Generations of soldiers from the Borders have gone into battle to the skirl of the pipes and now a new memorial honours pipers killed in action.
The monument takes the form of an eight-foot bronze sculpture of an army piper sitting atop a cairn outside Redford Barracks in Edinburgh’s Colinton area.
The statue has now been unveiled in the memorial garden created after soldiers stationed at the Army School of Bagpipe Music and Highland Drumming started fundraising following the death of a comrade in Afghanistan.
Sculptor Alan Herriot’s figure recognises the sacrifice made by all the army pipers killed in war – 500 pipers and drummers died in the Great War alone.
Weighing 300kg, the bronze sculpture is based on a number of piping instructors currently serving at the piping school, and is attired in a non-regimental specific uniform to represent all of the army pipers. It joins one of a drummer already sited in the garden.
The school’s director, Major Steven Small, from Duns, said throughout history pipers and drummers had been inspiring their comrades under the most testing of circumstances.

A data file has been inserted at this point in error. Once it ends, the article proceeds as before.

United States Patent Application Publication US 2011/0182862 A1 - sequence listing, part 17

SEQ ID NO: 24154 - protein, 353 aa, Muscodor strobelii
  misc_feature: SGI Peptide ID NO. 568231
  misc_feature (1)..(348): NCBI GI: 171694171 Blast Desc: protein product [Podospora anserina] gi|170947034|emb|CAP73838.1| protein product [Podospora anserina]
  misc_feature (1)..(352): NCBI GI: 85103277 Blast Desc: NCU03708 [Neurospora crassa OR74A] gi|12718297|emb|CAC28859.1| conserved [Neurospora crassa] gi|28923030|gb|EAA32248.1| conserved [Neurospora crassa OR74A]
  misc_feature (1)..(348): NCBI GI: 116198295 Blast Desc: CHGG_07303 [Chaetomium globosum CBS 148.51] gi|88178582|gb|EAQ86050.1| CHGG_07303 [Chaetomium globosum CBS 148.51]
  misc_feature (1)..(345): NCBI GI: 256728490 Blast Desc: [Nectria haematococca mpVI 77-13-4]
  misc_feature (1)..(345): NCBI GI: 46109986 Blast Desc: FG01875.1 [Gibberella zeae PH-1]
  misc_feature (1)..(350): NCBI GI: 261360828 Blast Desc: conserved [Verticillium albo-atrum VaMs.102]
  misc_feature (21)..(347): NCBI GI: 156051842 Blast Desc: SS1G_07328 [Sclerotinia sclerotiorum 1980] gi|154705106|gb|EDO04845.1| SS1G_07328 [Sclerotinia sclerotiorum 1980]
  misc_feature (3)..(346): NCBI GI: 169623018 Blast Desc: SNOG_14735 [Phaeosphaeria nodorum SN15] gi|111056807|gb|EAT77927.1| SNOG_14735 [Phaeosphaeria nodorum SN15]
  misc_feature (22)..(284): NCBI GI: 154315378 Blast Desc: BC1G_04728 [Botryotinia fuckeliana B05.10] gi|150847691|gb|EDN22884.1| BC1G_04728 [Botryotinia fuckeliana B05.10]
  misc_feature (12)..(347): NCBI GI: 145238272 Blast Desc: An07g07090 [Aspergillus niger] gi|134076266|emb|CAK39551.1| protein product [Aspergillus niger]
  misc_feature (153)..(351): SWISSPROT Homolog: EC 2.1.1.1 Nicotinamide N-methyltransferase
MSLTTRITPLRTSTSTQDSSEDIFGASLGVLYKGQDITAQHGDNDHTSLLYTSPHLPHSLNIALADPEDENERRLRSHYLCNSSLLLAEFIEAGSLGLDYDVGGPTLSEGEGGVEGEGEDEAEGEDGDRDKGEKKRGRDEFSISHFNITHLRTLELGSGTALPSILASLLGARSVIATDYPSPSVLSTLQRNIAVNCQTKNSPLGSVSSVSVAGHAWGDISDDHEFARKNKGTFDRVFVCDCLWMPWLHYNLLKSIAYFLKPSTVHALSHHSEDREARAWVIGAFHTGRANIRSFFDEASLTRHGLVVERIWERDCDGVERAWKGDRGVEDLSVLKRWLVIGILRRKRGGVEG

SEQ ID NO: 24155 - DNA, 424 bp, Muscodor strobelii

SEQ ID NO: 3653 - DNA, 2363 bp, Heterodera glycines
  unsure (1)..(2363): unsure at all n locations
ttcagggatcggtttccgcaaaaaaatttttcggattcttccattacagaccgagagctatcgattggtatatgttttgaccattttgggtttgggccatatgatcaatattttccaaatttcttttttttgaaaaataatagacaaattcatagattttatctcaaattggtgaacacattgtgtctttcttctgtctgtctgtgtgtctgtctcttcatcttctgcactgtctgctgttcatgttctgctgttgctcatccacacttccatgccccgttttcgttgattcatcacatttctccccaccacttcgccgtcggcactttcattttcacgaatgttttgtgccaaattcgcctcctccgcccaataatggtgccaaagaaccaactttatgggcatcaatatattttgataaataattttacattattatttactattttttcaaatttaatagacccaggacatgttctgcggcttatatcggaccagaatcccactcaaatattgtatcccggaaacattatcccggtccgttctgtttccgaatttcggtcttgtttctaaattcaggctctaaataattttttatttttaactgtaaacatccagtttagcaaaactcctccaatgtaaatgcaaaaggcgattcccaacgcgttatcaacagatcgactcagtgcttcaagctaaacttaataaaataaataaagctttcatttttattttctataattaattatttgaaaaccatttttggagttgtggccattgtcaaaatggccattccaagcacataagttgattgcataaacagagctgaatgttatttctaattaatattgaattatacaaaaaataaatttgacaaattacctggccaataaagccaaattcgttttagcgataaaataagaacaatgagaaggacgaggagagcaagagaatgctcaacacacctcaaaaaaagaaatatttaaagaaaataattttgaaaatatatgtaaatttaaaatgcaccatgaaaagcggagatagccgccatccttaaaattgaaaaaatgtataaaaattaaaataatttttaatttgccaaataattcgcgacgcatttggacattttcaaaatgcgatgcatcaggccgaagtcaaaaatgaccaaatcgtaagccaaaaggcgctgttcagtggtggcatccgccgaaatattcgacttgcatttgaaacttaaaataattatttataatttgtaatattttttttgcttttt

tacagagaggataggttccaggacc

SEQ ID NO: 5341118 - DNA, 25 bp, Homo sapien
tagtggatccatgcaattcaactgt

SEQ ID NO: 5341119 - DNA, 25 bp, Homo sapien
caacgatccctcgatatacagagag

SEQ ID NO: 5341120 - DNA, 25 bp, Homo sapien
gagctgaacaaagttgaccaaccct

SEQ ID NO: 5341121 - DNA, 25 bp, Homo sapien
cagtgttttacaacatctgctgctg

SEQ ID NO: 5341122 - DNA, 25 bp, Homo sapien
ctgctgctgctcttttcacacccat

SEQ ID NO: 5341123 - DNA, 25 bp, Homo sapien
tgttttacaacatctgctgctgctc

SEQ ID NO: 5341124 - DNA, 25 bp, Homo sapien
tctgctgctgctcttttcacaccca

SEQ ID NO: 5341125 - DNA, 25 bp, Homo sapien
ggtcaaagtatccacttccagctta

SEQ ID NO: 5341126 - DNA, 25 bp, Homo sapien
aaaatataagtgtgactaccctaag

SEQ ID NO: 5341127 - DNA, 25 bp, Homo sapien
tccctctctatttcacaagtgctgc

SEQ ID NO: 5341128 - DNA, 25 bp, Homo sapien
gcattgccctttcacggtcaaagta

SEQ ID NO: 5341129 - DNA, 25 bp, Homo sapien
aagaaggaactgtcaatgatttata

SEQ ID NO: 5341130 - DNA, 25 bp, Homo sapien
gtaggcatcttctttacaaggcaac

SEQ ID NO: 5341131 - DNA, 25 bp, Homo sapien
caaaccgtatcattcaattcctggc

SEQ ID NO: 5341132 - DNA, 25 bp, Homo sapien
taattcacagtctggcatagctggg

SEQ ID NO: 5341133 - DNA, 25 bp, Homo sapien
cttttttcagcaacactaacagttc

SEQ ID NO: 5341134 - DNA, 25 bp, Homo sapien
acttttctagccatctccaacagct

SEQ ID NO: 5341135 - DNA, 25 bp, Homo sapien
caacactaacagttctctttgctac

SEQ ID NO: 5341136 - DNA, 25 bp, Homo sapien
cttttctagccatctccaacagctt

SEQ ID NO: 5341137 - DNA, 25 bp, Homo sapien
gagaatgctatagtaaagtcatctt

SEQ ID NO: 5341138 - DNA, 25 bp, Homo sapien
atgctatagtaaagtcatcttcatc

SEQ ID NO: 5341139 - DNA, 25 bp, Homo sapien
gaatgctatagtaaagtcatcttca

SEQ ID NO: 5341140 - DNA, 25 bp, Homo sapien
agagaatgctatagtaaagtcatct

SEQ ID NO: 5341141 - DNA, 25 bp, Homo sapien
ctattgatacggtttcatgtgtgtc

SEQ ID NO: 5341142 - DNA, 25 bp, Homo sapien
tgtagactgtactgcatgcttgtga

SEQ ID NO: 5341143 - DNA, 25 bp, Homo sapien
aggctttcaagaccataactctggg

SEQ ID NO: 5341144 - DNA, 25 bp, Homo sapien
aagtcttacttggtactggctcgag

Major Small* added: “Their honour is now formally recognised and properly remembered.
“It is with great pride that we see this fitting tribute to pipers and drummers completed.”
And the new memorial has also been welcomed by a former senior officer of the King’s Own Scottish Borderers, Col Colin Hogg, from near Jedburgh, who explained that pipers had a unique role in Scottish regiments.
He said: “They were always soldiers first and pipers second, but most people will be more familiar with the image of the piper leading troops over the top, like Piper Laidlaw of the KOSB, who won the VC in the First World War.
“And so I think it’s very fitting that this splendid new memorial is at the home of army bagpiping in Edinburgh, and it is wonderful to see such a marvellous tribute.”